If I modify the Android App to receive BLE data directly we should be able to make it work with other devices, which would be great - I'll look into how to do that now.
    If anyone is interested what we have looked at for seizure detection, the slides of a talk I gave today are now here: https://github.com/OpenSeizureDetector/P­resentations
    Thanks
    Graham.

  • Brilliant! Thank you @Gordon and @Graham_Jones

    Wishing this project all the success it deserves for an outcome that may bring some level of relief for so many families affected.

  • Wow, just browsing through your repositories on GitHub, what a great job!

    OpenSeizureDetector could get a great BangleJS App or Widget, easy to load via App Loader

  • I was thinking of some possible additional optional features:

    • some people (approx 20%) who have seizures have prewarning with signs such as aura, etc - not sure if heart rate is one of the prewarning signs but it might be:
      perhaps an option to capture heart beat data for some period of time in a rolling log, eg. last 5 minutes prior to seizure to compare to heart beat data immediately prior to seizure with aim to see if change of heart rhythm can be used to warn of oncoming seizure to allow sufferer to get themselves to a safe area, lay down and inform others in the area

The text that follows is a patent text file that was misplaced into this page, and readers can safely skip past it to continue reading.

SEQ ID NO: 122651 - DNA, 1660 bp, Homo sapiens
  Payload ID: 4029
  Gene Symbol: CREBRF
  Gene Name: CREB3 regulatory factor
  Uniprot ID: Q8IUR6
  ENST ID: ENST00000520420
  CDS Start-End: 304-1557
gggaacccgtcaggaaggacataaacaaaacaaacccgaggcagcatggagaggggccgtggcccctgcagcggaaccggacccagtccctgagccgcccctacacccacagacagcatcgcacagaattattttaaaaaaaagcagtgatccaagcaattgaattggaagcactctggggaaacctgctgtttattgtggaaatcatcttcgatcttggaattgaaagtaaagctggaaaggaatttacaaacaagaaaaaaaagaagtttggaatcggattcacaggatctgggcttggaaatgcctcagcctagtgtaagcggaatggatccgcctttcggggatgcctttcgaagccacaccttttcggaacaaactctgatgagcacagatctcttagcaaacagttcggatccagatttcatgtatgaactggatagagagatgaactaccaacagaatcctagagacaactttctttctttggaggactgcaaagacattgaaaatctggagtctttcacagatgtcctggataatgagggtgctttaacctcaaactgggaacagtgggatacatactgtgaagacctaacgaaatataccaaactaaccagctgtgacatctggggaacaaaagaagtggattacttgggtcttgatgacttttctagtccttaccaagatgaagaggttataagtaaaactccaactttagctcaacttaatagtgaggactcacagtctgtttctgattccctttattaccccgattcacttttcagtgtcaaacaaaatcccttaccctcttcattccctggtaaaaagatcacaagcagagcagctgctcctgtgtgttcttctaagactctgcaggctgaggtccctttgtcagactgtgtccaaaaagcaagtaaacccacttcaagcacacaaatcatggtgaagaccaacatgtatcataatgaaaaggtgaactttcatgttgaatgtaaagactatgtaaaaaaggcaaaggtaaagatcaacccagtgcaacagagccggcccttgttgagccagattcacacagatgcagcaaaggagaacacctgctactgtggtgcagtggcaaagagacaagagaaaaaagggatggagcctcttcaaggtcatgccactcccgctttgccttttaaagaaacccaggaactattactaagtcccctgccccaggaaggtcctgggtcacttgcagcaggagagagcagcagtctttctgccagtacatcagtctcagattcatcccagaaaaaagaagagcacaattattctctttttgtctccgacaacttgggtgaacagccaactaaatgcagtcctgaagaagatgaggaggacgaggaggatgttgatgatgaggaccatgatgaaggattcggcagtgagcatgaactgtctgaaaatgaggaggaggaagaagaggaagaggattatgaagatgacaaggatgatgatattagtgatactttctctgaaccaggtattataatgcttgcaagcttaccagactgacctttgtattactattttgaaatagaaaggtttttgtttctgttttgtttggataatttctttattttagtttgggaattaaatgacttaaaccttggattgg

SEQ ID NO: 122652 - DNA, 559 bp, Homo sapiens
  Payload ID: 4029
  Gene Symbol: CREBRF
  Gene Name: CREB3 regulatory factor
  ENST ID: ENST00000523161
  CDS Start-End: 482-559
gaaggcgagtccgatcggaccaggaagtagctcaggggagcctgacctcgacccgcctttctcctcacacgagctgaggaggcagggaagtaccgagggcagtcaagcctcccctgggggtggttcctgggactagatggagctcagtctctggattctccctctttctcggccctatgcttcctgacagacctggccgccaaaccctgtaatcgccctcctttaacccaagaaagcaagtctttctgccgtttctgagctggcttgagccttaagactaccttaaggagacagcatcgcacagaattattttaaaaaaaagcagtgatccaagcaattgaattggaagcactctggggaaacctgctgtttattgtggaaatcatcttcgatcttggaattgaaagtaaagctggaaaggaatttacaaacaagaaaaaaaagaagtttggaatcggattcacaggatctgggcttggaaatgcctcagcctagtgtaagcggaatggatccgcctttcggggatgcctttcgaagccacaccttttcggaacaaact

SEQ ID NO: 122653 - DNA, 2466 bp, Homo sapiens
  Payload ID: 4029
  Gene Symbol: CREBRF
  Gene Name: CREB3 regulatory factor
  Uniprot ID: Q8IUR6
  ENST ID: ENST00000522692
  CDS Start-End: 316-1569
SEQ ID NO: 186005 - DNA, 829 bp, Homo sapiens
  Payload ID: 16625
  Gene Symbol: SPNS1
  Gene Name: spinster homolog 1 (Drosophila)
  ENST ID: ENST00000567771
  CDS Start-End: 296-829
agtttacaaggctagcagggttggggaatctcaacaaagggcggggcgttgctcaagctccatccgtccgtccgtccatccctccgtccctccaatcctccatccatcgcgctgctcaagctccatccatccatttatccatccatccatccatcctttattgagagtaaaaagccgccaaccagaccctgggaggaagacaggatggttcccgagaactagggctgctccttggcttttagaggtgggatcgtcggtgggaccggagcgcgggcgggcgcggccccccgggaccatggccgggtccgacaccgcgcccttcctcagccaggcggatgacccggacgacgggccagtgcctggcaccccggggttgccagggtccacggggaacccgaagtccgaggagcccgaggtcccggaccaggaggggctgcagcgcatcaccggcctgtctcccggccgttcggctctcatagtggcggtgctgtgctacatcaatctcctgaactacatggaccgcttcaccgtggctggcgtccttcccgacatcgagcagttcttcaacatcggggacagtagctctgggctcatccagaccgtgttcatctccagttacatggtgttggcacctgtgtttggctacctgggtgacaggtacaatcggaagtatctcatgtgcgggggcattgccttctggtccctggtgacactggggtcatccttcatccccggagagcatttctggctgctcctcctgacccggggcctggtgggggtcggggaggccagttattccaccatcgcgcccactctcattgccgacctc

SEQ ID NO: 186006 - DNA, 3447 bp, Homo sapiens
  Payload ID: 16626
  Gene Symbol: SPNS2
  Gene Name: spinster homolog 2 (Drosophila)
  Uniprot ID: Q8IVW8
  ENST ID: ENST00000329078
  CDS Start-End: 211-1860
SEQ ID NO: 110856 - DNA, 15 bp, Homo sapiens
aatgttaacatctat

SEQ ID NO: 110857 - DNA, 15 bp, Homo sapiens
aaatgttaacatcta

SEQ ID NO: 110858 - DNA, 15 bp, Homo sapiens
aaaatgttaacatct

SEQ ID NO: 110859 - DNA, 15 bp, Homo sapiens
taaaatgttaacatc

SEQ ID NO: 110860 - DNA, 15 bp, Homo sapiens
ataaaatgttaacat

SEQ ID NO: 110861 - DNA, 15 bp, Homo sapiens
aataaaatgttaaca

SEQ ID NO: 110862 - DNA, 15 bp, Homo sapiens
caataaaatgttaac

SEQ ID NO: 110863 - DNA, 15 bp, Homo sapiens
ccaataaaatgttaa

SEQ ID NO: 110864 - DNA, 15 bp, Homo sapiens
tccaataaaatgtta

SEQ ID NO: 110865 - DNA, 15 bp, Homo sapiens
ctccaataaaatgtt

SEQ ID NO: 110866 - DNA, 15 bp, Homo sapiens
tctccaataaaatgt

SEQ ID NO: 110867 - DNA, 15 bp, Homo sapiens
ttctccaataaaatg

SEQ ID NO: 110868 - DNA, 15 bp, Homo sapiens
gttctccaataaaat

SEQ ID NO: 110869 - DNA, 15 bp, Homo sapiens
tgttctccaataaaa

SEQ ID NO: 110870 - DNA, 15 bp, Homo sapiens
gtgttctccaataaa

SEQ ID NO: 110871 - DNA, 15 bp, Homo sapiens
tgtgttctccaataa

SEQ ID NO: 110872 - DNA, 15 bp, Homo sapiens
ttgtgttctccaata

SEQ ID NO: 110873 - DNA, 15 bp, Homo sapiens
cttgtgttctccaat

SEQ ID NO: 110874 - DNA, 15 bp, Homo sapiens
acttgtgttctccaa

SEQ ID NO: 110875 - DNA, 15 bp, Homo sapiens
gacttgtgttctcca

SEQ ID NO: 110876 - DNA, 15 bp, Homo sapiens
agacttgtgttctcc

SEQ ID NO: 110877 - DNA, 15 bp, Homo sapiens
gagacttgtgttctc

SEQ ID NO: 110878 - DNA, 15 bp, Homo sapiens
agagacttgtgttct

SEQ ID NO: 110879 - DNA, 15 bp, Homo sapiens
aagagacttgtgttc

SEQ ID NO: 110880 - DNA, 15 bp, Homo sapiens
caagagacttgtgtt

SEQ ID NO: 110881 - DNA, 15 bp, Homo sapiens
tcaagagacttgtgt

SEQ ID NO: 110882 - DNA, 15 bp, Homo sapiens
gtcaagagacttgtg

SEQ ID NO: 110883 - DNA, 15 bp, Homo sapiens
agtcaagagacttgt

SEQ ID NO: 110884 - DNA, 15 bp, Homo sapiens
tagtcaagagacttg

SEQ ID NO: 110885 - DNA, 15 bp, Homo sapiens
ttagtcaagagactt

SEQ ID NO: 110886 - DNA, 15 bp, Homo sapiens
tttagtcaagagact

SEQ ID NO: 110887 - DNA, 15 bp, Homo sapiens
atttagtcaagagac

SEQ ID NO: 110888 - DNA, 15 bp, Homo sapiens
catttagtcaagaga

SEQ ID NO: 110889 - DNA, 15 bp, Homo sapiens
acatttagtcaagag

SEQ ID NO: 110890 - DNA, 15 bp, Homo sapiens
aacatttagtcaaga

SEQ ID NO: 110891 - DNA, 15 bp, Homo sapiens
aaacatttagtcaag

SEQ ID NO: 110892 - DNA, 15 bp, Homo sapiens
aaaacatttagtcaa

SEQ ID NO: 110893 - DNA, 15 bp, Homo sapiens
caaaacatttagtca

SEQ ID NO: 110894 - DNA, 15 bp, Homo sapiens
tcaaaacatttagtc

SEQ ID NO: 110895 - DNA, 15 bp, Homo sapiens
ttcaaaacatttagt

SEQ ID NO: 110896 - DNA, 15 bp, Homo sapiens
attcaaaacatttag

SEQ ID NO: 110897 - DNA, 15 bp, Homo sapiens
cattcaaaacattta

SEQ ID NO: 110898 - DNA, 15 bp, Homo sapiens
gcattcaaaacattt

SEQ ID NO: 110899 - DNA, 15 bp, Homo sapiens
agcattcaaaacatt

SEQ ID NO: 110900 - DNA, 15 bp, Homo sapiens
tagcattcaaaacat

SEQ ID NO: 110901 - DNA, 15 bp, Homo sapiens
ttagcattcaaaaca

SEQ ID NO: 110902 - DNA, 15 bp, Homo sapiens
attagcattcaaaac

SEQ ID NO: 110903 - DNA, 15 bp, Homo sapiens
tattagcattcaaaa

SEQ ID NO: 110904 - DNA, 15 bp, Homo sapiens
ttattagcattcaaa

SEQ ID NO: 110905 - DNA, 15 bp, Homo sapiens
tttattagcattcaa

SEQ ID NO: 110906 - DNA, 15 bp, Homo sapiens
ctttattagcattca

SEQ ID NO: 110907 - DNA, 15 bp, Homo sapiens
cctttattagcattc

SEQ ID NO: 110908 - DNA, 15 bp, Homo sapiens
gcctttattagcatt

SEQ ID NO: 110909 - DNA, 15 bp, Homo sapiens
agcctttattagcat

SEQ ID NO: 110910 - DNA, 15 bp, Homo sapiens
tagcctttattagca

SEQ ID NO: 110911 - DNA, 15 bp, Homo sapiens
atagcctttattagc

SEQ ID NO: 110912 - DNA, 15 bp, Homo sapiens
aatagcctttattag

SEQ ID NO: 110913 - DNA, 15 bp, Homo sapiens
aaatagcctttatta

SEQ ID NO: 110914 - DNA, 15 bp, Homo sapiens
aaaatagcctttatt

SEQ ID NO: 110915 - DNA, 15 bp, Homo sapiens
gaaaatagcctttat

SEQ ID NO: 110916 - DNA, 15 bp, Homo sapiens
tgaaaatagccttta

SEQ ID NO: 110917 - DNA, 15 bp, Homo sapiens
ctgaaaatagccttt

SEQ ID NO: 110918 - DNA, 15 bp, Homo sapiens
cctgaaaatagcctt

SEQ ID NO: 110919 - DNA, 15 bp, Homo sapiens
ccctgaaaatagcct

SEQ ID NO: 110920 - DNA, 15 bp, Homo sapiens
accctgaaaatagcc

• can watch play a prerecorded audio message during seizure with words for example of 'seizure occuring, please protect my head, do not restrain me, lay me on my side, phone ambulance, reassure me when I regain consciousness'? Would be useful for bystanders who have never witnessed a seizure/think the person is on drugs/drunk
    • medical staff always ask how long did the seizure last; carers, at least for the first few seizures are unlikely to time a seizure, or there might be no-one to witness the seizure. App could time the convulsions.
    • Sudden Unexpected Death in Epilepsy (SUDEP). Most, but not all, cases of SUDEP occur during or immediately after a seizure. Possible factors are breathing and heart rhythm or combination of the two.
      Breathing: A seizure may cause a person to have pauses in breathing (apnea). If these pauses last too long, they can reduce the oxygen in the blood to a life-threatening level. Many sports/smart watches can monitor blood oxygen levels. Watch could send the phone data and phone then raises alarm/Recording to play message saying 'Possible airway blockage, please check when safe, perform CPR etc.' along with optional message to carers phone.